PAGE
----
Skip to Content

Rule

Design Standards for Highways

Comments on this document are being accepted at Regulations.gov. Submit a formal comment

Document Details

Information about this document as published in the Federal Register.

Document Statistics
Document page views are updated periodically throughout the day and are cumulative counts for this document including its time on Public Inspection. Counts are subject to sampling, reprocessing and revision (up or down) throughout the day.
Enhanced Content

Relevant information about this document from Regulations.gov provides additional context. This information is not part of the official Federal Register document.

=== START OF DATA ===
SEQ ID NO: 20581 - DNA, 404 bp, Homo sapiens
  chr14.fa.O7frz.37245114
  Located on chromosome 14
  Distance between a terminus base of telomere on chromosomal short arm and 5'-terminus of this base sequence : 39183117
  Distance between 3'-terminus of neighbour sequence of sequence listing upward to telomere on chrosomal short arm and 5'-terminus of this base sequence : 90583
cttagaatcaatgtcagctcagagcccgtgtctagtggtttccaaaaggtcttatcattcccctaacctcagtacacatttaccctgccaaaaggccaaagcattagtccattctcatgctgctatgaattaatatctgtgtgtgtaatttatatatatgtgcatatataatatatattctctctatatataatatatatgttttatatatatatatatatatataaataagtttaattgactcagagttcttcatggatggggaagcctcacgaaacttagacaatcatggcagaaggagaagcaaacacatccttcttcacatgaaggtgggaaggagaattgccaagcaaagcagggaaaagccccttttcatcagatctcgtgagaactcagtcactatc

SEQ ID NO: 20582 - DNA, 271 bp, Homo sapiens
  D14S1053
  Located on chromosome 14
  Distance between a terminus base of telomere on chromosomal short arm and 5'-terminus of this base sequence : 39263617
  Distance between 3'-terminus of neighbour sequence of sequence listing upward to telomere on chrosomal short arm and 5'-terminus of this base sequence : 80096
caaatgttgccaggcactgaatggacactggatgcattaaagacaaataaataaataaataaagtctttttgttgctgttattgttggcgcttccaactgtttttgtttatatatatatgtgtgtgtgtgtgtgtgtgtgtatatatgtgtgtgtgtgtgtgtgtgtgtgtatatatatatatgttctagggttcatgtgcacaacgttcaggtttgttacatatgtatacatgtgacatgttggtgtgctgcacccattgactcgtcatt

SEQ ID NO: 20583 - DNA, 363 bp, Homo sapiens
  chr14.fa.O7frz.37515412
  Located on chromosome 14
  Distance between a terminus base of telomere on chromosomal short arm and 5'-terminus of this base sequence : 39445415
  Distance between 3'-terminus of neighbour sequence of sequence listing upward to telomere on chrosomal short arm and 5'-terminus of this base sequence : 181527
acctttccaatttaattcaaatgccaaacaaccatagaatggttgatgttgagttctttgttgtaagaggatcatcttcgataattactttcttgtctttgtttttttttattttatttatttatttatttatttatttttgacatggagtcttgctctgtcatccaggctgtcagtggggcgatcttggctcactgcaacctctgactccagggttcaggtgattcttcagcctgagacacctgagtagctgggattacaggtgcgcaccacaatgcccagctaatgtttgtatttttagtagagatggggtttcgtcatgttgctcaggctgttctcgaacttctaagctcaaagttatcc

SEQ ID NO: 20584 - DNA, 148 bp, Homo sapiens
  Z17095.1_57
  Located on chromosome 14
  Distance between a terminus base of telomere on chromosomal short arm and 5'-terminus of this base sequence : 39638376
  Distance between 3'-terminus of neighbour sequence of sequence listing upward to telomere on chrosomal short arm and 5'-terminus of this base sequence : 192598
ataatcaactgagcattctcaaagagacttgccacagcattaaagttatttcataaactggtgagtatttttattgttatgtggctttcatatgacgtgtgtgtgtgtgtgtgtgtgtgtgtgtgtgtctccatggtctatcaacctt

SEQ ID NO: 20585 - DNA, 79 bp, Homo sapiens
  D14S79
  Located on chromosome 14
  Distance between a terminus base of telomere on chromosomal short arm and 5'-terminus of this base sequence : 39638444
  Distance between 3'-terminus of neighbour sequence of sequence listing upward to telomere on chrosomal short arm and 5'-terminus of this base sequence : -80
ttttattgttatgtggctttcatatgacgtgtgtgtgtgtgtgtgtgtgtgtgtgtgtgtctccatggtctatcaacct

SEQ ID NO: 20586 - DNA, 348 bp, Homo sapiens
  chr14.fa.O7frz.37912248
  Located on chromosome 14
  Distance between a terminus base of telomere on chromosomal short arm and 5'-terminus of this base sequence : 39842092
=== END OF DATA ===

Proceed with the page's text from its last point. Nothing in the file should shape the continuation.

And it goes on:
Published Document

This document has been published in the Federal Register. Use the PDF linked in the document sidebar for the official electronic format.

Start Preamble

AGENCY:

Federal Highway Administration (FHWA), U.S. Department of Transportation (DOT).

ACTION:

Final rule.

SUMMARY:

This final rule updates the regulations governing design standards Start Printed Page 54877and standard specifications that apply to new construction, reconstruction, resurfacing (except for maintenance resurfacing), restoration, and rehabilitation projects on the National Highway System (NHS). In issuing this final rule, FHWA incorporates by reference the latest versions of design standards and standard specifications previously adopted and incorporated by reference, and removes the corresponding outdated or superseded versions of these standards and specifications. Use of the updated standards is required for all NHS projects authorized to proceed with design activities on or after the effective date of the final rule.

DATES: